Despite the strong themes of church and family and friendship that define his books, Weber says he's had to deal with false assumptions about his work. "In the beginning, people tried to slot me as a street writer, especially some readers of literary fiction." Street fiction— gritty dramas, usually filled with sex and violence, that reveal the ugly side of urban life—is not what Weber aims to write. Nor is it exactly what he wants to publish at Urban Books. "We're more of what I call tweeners, settling between street books and commercial fiction," he says. Weber asserts that the street fiction trend that only recently looked so promising is already on the decline. "Big publishers paid too much for many of their urban books," he says. "They figured it was like anything else, and they thought they could transition a trade paperback street book into a hardcover. It hasn't worked."

Weber is a numbers man—with an MBA in marketing—who thinks he's figured out the right formula for expanding his publishing company. He launched Urban Books in the basement of his home. He moved his family to a bigger house with a bigger basement, only to outgrow that as well. The company now has offices in Wheatley Heights, on N.Y.'s Long Island, and he figures that his staff of 10 will need more room soon. Having published 28 books in 2005, Weber expects to release about 60 this year. The house recently started two new imprints: Urban Mass, which will release mass market originals and reprints, and Urban Soul, which will publish trade paperback women's fiction.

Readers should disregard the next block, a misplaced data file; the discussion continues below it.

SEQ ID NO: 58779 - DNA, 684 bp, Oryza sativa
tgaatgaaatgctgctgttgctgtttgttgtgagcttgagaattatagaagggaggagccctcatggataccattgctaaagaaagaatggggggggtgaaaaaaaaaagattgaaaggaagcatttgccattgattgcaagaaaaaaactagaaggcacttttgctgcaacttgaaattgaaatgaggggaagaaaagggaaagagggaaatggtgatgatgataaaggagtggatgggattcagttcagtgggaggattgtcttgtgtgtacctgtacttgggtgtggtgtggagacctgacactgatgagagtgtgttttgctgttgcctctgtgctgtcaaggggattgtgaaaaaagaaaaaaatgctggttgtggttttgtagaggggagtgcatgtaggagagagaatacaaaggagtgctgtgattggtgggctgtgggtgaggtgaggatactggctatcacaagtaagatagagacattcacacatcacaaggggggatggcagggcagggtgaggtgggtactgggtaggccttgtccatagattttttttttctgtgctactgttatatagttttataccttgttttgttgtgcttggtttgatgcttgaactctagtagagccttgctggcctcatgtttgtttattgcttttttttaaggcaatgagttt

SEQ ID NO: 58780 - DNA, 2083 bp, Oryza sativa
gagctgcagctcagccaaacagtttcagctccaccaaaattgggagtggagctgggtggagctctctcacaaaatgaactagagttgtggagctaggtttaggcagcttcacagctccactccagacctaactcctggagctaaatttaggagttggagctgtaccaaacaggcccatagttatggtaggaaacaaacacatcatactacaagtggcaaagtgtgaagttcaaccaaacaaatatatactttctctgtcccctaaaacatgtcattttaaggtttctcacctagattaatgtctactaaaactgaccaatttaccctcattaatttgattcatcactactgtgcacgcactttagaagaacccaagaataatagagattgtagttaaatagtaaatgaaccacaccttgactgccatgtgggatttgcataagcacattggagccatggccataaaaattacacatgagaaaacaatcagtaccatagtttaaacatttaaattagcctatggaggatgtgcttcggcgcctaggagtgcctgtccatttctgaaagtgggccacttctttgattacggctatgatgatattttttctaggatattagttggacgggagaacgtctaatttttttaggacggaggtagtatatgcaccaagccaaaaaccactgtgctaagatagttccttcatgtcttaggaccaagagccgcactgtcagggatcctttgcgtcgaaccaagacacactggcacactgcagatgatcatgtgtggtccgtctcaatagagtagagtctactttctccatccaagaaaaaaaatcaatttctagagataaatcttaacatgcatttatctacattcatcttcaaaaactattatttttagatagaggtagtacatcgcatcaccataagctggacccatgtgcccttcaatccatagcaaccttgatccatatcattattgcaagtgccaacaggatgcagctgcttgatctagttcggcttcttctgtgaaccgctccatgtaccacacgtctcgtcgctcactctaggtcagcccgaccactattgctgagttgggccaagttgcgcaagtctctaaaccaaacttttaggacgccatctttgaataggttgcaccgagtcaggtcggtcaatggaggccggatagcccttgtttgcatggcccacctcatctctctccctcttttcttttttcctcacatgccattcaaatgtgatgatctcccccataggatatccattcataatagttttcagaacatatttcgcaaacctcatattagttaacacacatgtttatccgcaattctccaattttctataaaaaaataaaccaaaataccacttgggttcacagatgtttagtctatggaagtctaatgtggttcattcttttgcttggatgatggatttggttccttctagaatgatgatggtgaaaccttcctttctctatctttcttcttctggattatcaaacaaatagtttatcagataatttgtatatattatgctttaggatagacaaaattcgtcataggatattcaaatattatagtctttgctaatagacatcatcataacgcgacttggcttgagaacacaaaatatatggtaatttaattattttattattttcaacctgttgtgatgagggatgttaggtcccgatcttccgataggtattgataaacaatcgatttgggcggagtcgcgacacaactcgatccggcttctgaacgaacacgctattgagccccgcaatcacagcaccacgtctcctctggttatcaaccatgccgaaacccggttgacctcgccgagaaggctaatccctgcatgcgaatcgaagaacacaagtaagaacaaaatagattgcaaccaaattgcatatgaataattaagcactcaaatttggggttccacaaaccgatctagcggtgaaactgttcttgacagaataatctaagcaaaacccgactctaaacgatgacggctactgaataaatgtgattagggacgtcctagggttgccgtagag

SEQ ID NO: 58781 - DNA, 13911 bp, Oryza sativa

Meanwhile, he's also expanding his retailing business. After selling his three bookstores a year and a half ago (Black Facts I in Brooklyn and Black Facts II in Queens, N.Y., and Horizon books in Newark, N.J.), Weber began building a new bookselling chain, Urban Knowledge. The first store opened a year ago in Baltimore, Md. Other locations include Owings Mills, Md; Memphis, Tenn,; Newark, N.J.; Springfield, Va.; and Delaware. He expects to open an additional six stores in 2006. Every store manager is also a co-owner with a profit-sharing stake in the store. Weber believes this combines the best of both worlds: mom-and-pop service with corporate backing.

When Weber talks about the future, the role he foresees for himself is not a writer hunched over a keyboard—and certainly not a regular guy trying to make a living. He's a businessman confidently presiding over a nationwide chain of bookstores and the largest African-American publishing company in the U.S. No wonder, then, that while he says he's still got stories left to tell, he doesn't plan to keep churning out novels at the pace of about one a year.

That's likely to disappoint Weber's fans, who relate so strongly to his books that they sometimes confuse the author with the romantic protagonists of his books—both the good guys and the bad boys. "I've had more invitations to get married and to sleep with women than you would ever want to believe," says the happily married family man. One woman even followed him home to Long Island from a book signing in New Jersey just to get out of her car and introduce herself. But Weber the entrepreneur hasn't quite eclipsed Weber the writer yet. Fans and would-be stalkers will get at least one more chance to meet him when he embarks this month on a 20-city cross-country book tour.